Are you an older driver who has fallen in the past year or so? Do you find yourself losing your balance more than you have in the past? For adult children, have you noticed more trips or falls in your aging parent? Has your loved one recently stumbled or tripped in their home? Are they still driving? If so, this article is for you!
The Centers for Disease Control and Prevention (CDC), reports that one out of three older adults (those aged 65 or older) fall each year. And the Journals of Gerontology further reports that half of those persons actually have multiple falls.
Recent research has established a definite correlation between falls and older driver crash involvement. According to an article published by the Journal of the American Geriatrics Society, older adults that have fallen two or more times in the previous year may be at a higher risk of being involved in an at-fault car crash.
The study, conducted by the Department of Ophthalmology, School of Medicine, and the School of Public Health at the University of Alabama at Birmingham, also reported that older drivers who fell two or more times in the prior year were 1.5 times as likely to be involved in an accident and two times as likely to be involved in an at-fault accident.
The study’s bottom line; a history of frequent falling can serve as a valid indicator in identifying older drivers that are at a higher risk for future traffic accidents. That’s pretty significant!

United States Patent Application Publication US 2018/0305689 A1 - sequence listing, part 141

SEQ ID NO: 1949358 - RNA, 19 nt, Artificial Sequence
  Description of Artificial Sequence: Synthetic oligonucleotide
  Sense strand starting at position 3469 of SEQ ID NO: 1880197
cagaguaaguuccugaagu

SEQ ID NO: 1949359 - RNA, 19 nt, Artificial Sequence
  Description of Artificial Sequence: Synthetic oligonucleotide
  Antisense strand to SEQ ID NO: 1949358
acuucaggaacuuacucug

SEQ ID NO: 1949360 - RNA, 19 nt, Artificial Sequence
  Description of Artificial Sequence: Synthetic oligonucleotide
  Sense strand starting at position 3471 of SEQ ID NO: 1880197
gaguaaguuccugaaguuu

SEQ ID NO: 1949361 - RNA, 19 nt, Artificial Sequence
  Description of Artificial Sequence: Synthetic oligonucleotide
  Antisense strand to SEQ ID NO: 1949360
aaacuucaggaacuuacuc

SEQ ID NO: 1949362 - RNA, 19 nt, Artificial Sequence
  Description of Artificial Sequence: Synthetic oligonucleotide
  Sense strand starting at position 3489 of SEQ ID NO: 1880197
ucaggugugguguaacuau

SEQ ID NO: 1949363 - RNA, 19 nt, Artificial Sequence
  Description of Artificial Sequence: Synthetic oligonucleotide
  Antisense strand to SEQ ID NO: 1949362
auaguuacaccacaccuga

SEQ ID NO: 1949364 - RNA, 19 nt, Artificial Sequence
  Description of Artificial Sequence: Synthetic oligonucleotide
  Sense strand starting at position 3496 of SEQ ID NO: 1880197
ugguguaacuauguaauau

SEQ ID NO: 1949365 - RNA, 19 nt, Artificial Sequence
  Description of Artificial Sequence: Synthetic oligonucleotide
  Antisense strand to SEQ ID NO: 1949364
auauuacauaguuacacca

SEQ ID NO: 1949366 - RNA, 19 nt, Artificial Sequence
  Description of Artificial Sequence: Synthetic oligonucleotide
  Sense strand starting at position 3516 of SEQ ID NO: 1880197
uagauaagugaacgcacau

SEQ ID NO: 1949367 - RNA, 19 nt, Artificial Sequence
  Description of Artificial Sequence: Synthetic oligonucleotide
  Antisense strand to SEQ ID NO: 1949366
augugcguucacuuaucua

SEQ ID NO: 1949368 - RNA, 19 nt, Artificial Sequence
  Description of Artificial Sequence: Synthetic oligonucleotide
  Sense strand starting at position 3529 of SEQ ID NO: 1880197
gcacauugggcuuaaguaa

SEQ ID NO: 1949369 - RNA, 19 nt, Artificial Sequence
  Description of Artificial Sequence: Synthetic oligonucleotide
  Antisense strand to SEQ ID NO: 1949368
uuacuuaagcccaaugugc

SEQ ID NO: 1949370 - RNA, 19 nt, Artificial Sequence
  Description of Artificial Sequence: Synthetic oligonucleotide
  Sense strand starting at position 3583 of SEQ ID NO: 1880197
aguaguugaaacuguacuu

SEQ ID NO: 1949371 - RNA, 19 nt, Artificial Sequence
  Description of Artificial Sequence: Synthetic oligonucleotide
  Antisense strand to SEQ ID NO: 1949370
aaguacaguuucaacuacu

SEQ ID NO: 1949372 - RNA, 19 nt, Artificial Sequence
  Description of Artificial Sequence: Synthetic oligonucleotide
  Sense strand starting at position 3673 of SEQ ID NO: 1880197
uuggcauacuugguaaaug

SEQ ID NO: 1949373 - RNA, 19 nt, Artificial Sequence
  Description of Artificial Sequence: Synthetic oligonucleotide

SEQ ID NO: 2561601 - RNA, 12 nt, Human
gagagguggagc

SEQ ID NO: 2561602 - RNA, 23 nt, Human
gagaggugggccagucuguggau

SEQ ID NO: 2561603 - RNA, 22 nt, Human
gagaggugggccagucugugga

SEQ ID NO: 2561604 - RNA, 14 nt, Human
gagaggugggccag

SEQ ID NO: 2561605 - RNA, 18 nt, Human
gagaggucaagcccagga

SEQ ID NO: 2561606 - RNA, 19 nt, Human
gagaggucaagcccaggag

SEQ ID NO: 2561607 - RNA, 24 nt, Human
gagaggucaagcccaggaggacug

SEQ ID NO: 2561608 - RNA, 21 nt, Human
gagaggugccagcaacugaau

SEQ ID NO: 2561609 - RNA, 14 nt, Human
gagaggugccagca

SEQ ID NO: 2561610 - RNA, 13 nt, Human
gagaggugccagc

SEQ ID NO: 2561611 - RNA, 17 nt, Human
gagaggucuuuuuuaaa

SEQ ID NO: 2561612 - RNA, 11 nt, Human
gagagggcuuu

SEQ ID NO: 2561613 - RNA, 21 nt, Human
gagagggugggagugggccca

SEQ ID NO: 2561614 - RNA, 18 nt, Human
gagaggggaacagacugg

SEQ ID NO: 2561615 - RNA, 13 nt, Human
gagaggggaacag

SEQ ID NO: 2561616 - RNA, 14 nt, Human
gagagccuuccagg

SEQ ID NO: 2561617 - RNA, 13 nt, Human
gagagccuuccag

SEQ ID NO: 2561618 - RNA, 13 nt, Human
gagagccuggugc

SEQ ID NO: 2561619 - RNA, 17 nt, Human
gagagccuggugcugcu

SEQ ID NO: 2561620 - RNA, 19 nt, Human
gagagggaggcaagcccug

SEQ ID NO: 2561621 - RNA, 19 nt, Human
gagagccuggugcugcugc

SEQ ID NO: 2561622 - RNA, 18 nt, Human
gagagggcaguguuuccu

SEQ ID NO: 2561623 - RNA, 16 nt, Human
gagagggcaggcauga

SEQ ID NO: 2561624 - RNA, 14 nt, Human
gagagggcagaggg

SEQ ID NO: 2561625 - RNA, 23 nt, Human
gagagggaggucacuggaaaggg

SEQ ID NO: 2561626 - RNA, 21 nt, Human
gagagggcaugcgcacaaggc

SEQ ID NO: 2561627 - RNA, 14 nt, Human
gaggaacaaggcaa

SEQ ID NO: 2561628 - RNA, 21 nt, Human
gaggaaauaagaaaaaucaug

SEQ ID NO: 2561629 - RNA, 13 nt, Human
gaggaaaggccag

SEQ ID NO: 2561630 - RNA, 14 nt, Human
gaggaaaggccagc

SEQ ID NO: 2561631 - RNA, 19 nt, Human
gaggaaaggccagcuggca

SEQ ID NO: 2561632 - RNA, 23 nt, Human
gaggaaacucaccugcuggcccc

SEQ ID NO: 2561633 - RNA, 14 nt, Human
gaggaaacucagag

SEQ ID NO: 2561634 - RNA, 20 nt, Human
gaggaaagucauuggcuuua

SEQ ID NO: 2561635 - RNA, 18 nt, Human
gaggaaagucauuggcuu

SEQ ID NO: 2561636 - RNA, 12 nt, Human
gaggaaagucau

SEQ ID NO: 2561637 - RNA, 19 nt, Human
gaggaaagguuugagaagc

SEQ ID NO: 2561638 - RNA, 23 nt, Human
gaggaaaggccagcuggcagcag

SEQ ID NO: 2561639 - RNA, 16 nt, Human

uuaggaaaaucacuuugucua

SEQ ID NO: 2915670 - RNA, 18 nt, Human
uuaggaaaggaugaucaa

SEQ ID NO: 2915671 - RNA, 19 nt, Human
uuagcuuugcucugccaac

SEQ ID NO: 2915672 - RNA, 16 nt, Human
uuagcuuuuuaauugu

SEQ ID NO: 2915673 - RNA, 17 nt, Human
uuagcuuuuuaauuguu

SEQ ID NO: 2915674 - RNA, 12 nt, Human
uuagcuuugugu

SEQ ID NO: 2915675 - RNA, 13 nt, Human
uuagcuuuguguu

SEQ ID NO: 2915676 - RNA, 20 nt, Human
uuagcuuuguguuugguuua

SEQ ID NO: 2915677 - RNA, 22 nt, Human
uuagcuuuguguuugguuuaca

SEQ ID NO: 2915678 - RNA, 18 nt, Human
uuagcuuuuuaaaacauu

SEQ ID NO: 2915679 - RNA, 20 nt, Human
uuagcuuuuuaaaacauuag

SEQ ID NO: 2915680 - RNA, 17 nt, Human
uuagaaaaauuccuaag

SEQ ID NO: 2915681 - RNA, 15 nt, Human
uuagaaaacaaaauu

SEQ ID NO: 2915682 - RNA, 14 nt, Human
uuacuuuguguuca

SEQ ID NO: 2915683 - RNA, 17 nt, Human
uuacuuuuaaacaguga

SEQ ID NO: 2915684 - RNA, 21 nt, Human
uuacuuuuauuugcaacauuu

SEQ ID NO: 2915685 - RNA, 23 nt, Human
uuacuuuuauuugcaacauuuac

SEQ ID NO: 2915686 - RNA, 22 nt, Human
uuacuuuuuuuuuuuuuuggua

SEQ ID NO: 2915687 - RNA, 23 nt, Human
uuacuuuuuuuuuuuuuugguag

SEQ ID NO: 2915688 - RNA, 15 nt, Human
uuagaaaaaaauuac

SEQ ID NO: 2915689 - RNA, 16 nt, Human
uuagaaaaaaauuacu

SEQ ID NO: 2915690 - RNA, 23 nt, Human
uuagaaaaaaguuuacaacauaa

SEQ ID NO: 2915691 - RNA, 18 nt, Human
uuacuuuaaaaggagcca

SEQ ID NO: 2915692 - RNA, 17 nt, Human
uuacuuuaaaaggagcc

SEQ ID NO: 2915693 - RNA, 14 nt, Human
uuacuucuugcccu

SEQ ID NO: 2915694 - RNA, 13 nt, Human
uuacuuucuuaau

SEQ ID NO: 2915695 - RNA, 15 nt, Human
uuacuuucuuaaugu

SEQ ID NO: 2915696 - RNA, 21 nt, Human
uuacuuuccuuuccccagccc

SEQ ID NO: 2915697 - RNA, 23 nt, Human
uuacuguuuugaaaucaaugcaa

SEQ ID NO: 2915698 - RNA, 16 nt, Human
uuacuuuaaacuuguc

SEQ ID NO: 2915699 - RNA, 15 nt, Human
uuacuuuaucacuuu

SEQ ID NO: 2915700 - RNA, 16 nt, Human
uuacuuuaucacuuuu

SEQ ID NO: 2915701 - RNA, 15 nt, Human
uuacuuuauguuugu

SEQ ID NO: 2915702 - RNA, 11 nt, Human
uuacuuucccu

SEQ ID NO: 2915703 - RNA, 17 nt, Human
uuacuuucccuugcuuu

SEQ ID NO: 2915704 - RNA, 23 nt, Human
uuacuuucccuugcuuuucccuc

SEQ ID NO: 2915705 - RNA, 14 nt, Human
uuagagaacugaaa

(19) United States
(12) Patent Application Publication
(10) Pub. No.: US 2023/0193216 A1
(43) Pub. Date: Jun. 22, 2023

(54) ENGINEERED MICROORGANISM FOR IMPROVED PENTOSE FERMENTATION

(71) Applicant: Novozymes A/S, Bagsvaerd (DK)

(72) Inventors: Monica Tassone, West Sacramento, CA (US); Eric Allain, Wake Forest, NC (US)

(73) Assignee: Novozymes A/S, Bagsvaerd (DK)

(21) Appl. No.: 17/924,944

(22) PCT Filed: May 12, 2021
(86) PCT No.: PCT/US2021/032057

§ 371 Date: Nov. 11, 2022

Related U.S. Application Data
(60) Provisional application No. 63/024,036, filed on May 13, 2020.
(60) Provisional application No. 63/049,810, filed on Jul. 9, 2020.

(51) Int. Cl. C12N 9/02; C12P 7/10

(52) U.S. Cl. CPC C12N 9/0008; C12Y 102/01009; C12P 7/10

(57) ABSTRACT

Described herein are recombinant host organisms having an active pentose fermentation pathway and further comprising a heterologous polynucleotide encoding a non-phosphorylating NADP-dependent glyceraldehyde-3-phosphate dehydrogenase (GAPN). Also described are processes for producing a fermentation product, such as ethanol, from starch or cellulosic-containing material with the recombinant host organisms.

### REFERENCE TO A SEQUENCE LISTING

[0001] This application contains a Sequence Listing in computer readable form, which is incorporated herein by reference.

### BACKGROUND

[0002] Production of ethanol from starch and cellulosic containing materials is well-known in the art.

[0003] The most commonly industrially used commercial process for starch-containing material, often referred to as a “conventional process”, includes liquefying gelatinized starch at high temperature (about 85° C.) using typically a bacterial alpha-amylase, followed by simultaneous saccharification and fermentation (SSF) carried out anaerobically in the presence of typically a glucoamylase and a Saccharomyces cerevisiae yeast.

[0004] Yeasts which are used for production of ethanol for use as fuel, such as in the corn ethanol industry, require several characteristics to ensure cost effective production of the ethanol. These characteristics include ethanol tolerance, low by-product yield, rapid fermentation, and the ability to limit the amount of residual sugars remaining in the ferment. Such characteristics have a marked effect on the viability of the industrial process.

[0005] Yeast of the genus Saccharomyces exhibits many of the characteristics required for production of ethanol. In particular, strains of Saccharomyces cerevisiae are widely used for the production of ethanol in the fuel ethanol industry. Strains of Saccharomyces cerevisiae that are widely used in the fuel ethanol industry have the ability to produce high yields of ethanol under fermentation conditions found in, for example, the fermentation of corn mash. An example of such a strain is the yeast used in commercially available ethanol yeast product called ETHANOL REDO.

Fortunately, falling is NOT an inevitable part of the aging process as falls can be prevented. In loose translation, that could mean that by preventing falls, we could ultimately prevent automobile accidents involving older drivers.
The CDC has developed the following tips to help older adults stay independent and reduce their chances of falling:
• Exercise regularly. It is important that the exercises focus on increasing leg strength and improving balance, and that they get more challenging over time. Tai Chi programs are especially good.
• Ask a doctor or pharmacist to review current medications (both prescription and over-the counter) to identify medicines that may cause side effects or interactions such as dizziness or drowsiness.
• Have your loved-one’s eyes checked by an eye doctor at least once a year and update their eyeglasses to maximize their vision.
• Make the home safer by reducing tripping hazards, adding grab bars inside and outside the tub or shower and next to the toilet, adding railings on both sides of stairways, and improving lighting in the home.
Other helpful tips are available from the CDC’s website at cdc.gov.
Trauma surgeon and researcher Julius Cheng, M.D., of the University of Rochester Medical Center, may have said it best when he commented “Instead of just treating falls as they happen, the focus should be on what we can do to help older people avoid them in the first place.” I wonder if he was also thinking of preventing automobile accidents when he offered that single piece of advice.
Submitted by Matt Gurwell, founder of Keeping Us Safe, LLC. Matt works with older drivers to help them determine whether they are still safe drivers. Visit his website at www.keepingussafe.org to learn more about their Enhanced Self-Assessment Program, designed specifically for senior drivers, or to schedule a presentation for your group, business, or organization.